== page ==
European Polyurethanes Overview
OUTLOOK ’20: Europe’s polyurethane markets face a winter chill
Author: Fergus Jensen
LONDON (ICIS)–Saturated supply and slow demand are anticipated to prevail in Europe’s polyurethanes (PUs) feedstocks into the early months of 2020, with only thin signals to indicate a break from external pressures that hammered the petrochemicals industry in 2019.
Like other petrochemicals, prices of isocyanates and polyols have crumbled in the face of slipping macroeconomic factors and the ongoing trade tensions between the US and China that have overshadowed global markets throughout 2019.
Near the end of the fourth quarter, prices of crude methylene diphenyl diisocyanate (MDI), a feedstock for rigid PU foam used in construction and insulation, were a notch above the lowest prices ICIS has on record since beginning coverage in 2002.
Its isocyanate twin, pure MDI – a feedstock for PU foam used in footwear among other applications – has fared slightly better, although prices have been on a consistent downtrend since October 2018 and are at two-and-a-half-year low.
Equally bad, cousin toluene diisocyanate (TDI), which is used in flexible foams for bedding and furniture, has seen prices tumble to less than half what they were in May 2018 when they hit a 14-year low.
In the meantime, their partners – polyols – the compounds that react with isocyanates to produce and determine the properties of PU polymers, were at a more-than-three-year low.
“I’ve never seen such big reductions on a monthly basis,” one reseller said, referring to the discounts on crude MDI prices in November.
The current depressed levels of isocyanates and polyols prices could spur buying interest, but several market participants interviewed by ICIS said they did not expect demand to improve in the near term.
“People are not buying things. Watching Trump and China and upheaval all over the world, people are withholding purchases of consumer goods,” a Europe-based reseller said.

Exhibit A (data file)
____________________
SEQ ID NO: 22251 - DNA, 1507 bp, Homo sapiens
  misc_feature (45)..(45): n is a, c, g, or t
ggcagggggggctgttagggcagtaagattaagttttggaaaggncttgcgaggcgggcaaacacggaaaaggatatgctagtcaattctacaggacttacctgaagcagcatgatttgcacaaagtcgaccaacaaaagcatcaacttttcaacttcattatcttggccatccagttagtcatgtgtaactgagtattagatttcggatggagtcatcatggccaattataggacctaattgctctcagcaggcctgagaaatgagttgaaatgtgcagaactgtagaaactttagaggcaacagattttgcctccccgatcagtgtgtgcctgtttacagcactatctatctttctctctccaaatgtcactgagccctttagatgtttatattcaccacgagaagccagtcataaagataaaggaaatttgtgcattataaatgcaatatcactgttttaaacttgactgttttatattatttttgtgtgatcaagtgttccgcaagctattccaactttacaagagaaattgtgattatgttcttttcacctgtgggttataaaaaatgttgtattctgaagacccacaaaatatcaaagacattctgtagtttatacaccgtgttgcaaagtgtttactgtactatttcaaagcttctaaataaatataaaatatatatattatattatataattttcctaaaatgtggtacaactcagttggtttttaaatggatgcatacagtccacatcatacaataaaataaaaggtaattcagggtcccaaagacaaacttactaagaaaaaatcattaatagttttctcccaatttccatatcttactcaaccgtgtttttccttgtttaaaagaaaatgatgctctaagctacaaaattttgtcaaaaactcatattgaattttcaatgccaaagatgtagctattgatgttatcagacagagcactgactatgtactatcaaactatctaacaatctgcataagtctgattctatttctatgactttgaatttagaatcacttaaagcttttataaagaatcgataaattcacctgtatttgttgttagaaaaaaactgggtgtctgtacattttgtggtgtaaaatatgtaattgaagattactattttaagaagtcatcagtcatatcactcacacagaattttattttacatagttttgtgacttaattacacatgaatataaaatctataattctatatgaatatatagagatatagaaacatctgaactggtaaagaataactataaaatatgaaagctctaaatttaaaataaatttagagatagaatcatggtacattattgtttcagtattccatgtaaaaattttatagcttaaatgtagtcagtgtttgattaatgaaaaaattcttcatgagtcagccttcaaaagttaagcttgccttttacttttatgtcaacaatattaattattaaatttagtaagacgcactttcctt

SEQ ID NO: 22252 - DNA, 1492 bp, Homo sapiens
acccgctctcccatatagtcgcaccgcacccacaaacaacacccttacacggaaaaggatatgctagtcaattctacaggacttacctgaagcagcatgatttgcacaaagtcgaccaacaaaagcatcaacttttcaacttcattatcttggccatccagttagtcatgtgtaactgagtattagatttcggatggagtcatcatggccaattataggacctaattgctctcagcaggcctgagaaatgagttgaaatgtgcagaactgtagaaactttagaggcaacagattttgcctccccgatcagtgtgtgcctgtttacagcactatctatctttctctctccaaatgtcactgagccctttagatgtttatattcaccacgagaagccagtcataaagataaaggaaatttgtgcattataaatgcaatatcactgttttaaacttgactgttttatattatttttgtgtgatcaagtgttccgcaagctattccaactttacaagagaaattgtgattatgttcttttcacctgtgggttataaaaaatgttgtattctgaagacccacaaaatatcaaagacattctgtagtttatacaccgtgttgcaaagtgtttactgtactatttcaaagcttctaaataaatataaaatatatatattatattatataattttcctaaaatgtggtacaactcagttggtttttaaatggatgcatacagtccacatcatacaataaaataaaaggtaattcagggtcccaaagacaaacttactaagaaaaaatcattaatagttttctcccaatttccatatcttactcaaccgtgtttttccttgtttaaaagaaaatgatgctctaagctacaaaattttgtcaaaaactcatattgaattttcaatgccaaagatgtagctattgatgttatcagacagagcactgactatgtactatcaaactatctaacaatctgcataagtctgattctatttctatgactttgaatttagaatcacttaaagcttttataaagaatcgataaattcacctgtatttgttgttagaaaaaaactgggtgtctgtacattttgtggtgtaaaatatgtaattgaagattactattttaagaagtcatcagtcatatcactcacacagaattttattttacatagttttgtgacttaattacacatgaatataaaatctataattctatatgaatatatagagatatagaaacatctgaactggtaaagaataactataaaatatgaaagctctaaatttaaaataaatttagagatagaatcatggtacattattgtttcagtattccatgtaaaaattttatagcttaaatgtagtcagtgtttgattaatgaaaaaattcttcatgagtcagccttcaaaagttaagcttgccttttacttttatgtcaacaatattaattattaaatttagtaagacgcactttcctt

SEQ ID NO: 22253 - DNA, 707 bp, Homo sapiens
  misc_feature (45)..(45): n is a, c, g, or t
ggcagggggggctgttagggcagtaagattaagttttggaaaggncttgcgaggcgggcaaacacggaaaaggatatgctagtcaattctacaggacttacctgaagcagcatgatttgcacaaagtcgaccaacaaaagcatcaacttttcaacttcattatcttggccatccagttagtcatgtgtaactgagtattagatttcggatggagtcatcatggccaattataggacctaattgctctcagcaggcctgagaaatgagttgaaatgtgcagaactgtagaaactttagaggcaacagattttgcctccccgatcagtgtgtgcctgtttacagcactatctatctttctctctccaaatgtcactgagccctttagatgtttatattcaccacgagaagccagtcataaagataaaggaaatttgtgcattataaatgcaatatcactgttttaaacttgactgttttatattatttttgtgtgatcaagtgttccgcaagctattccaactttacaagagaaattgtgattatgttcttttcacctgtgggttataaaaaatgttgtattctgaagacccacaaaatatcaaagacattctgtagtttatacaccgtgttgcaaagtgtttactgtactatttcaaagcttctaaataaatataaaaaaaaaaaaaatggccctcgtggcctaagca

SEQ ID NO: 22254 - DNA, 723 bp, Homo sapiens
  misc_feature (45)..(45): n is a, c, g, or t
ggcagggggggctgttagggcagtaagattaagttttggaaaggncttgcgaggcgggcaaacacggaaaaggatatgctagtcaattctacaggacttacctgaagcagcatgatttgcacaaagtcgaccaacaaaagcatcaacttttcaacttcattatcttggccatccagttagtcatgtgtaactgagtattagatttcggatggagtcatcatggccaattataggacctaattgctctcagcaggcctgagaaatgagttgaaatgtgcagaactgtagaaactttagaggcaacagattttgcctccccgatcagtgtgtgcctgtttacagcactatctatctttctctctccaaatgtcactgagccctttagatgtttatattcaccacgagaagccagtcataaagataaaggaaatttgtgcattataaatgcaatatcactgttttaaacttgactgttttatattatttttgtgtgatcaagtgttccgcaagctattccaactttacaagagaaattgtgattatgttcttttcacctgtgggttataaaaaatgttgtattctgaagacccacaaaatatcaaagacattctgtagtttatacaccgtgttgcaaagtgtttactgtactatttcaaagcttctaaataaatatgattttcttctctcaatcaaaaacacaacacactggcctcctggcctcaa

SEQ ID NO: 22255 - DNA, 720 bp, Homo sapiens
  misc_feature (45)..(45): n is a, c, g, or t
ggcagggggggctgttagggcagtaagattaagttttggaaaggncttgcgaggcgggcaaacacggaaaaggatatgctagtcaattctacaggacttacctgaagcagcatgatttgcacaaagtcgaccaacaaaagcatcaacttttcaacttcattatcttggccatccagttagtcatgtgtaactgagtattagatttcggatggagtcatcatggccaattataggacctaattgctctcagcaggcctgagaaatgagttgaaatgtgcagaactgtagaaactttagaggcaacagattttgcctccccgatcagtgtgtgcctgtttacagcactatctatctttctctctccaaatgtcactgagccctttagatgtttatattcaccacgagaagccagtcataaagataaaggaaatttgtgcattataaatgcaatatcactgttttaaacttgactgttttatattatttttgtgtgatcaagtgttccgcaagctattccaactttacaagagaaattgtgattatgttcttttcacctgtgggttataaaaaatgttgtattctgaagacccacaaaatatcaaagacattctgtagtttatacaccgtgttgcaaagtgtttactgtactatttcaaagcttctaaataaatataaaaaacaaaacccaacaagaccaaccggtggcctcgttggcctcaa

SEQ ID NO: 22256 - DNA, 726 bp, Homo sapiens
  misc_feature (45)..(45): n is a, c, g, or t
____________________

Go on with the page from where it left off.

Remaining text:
Buyers were holding out for further discounts on feedstocks and had postponed orders for 2020 that would normally begin in Q4, another producer added.
Prices for MDI used in rigid foams and CASE applications – coatings polyurethanes, adhesives, sealants and encapsulants – have declined as a result of increased competition and slower demand from the automotive sector, which has been falling since the second half of 2018.
“The CASE industry is oversupplied – approached by everybody. The manufacturers – the major suppliers are ruining the market, offering cheaper product,” a Europe-based distributor said.
“People spend less on everything: cars, consumable products. It will keep [going] like this,” he added.
Crude MDI found some support in the construction sector in the second half of 2019, although demand had begun to drop off seasonally by November.
Demand for mattresses, a major outlet for TDI used to make flexible foams, has softened along with gloomy macroeconomic conditions. Earlier this month, the European Commission, for example, cut its GDP growth forecast for the eurozone to a lacklustre 1.1% for 2020.
Overall demand for TDI is stable but is not expected to improve into early 2020, as many foam producers have reduced their intake of raw materials.
There was some support earlier this year in the TDI market surrounding a turnaround at BASF’s flagship Ludwigshafen plant, but that outage appeared to cause no reduction to supply.
There were unconfirmed reports of imported material being used to supplement any reduction in output from the plant.
Ludwigshafen’s autumn 2019 turnaround was the latest in a string of closures. The facility was taken offline originally in November 2016, due to a damaged reactor, before it was brought back online in May 2017. However, further work was carried out in 2018 and this year.
This phenomenon is, however, not limited to Europe. According to ICIS aromatics consultant Rob Peacock, investments into new facilities over the past few years, coupled with weak isocyanates demand in 2019 have left the isocyanates industry in a position of some structural oversupply, particularly in TDI.
“For TDI, although no further significant expansions are planned post 2020, we still expect the market to be structurally long for the next few years, without any rationalisation,” Peacock said.
Globally, there are now nearly 3.4m tonnes/year of TDI capacity, outweighing demand by almost 1m tonnes, he said, referring to data from ICIS analytics.
Faster growth has been seen in the MDI markets than in the TDI markets in recent years, but weak demand in late 2018 and 2019 resulted in oversupply following recent expansions.
“If softer than expected demand continues further into 2020, then we expect that some previously announced expansions will be delayed,” he added.
Average operating rates are expected to be higher for MDI than for TDI in the next couple of years, when MDI capacity is forecast to hit 9m tonnes/year in 2020, outweighing demand by around 2m tonnes.
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